Statistics crawling and remote network debugging

To understand how the network functions, how healthy it is, and to identify failures it is possible to crawl the Bittorrent network and thus also Tribler.

We integrated some additional support for crawling into Tribler. This feature is specifically designed to be able to prevent cascading failures and understand possible security incidents as the Gnutella worm from 2001. This crawler will not record personal data, psychological information, nor other sensitive data. No Person-identifiable data such as names, addresses or contact details are recorded. We will never publish any personally identifiable information in any form or function. Neither do we record the name of the files or exact filesize, therefore, we do not know what content is played using our software.

This feature is can be easily turned on or off by removing the id's that identify the crawlers in the Tribler/Core/Statistics/crawler.txt file. Our Beta software has this feature enabled by default. We are trying to be the good guys and will not snoop around without reason, however, we need to gather performance statistics. For example, for developing 4G P2P we need solid performance data on frame loss while doing on-demand Bittorrent streaming. This helps improve our algorithm and go towards sustained loss-less 4+ Mbps streaming.

The Crawler can be used to connect to Tribler peers through the overlay swarm. A Crawler can than request specific statistics or for instance request a NAT test. All Tribler peers, as of version 4.2, are running the crawler backend, allowing them to respond to Crawler requests from authorised Crawler peers. To keep everyone from acting as a Crawler and requesting (possibly sensitive) information from peers, a Crawler request is only accepted from a select list of Crawler, identified with their public keys. As no one outside of Tribler has the associated private keys, they will not be able to act as a authentic Tribler Crawler.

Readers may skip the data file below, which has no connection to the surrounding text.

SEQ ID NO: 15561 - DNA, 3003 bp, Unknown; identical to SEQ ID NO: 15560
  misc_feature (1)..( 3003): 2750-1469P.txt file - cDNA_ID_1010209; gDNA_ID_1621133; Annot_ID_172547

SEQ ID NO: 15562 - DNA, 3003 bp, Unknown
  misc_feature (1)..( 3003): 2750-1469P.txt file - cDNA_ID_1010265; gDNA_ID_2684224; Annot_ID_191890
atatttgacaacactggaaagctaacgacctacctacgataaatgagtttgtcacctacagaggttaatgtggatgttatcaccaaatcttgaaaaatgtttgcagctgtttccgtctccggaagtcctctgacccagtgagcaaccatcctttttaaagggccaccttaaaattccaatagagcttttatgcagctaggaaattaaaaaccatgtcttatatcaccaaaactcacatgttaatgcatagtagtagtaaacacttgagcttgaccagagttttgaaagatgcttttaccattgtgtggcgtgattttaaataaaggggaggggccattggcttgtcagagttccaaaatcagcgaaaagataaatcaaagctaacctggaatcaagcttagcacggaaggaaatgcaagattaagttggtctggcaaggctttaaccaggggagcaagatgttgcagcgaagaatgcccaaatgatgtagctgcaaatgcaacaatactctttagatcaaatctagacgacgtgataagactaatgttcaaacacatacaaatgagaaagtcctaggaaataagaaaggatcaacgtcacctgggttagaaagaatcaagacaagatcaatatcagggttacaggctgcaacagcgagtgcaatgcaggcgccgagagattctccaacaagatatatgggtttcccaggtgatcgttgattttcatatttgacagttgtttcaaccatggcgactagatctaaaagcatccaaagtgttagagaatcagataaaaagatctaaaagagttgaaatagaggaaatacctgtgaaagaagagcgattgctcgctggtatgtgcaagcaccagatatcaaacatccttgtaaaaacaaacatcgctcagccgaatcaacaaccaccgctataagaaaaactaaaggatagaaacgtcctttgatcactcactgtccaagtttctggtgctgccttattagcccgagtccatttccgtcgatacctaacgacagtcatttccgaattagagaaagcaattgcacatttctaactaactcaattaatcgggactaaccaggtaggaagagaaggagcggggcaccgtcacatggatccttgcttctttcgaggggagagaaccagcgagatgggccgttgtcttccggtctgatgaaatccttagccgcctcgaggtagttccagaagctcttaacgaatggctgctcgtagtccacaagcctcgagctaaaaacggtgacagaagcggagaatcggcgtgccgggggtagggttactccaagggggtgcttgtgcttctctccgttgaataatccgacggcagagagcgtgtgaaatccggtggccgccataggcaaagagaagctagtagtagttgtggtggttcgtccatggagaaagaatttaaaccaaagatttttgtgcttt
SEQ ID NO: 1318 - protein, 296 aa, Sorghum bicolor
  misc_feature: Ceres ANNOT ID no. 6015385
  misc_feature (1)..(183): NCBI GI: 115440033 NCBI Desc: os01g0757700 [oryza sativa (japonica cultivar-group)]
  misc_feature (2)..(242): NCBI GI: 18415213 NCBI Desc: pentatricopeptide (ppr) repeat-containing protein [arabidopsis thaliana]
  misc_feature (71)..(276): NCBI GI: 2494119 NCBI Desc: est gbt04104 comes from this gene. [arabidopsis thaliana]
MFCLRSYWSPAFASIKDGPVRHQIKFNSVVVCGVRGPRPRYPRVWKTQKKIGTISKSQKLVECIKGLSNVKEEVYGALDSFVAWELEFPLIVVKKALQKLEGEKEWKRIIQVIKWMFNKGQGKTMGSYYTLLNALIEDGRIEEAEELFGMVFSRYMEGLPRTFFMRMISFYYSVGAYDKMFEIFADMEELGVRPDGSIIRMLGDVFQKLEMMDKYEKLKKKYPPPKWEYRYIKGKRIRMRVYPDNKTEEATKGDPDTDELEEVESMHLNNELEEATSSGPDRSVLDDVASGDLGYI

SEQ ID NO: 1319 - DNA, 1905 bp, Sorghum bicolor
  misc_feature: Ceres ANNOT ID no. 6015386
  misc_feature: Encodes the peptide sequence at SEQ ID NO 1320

• Frequency: we want to run several Crawler processes at the same time. However, we do not want the clients to handle duplicate requests. Therefore, all request-messages that are received within a given frequency will not be passed to the researchers part of the Crawler. Note that in this case the Crawler will send a reply-message with error-value 254, indicating a frequency error.
  • Channels: while not advisible it is possible to request large amounts of data from client processes. When the reply-messages is larger than a certain threshold (defined in Tribler/Core/Statistics/ this message is split into parts. When all parts are received the researchers 'received-reply' method is called.

For researchers

Crawler processes send Crawler-request messages to peers they find through buddycast. A peer that receives this request should send a matching Crawler-reply back as soon as possible. Any actions performed upon receiving a Crawler-request is left to the researchers.

To use the Crawler mechanism, at least the following steps must be taken:

  1. Reserve message-specific-id to identify request/reply pairs. These Message-id's are defined in Tribler/Core/BitTornado/BT1/
  2. Register three methods to the Crawler. Registering can be done in Tribler/Core/Overlay/
    • Initiator-callback: called when a new connection is made AND periodically thereafter (crawler-side)
    • Request-callback: called when a request-message is received (client-side)
    • Reply-callback: called when a reply-message is received (crawler-side)
  3. Code to handle the actual requests and replies in a file at Tribler/Core/Statistics/ This includes writing the received statistics to disk or database.
  4. Ensure that your code is in the latest Tribler release.
  5. Start running one or more Crawler processes 24/7 (python Tribler/Main/

Request --> Reply

Sending a request from a Crawler to a Tribler peer

4 byte: Message length

1 byte: CRAWLER_REQUEST (from Tribler/Core/BitTornado/BT1/


1 byte: Channel id

2 byte: Frequency

n byte: Request payload

Sending a reply from a Tribler peer to a Crawler

4 byte: Message length

1 byte: CRAWLER_REPLY (from Tribler/Core/BitTornado/BT1/


1 byte: Channel id

1 byte: Parts left

1 byte: Indicating success (0) or failure (non 0)

n bytes: Reply payload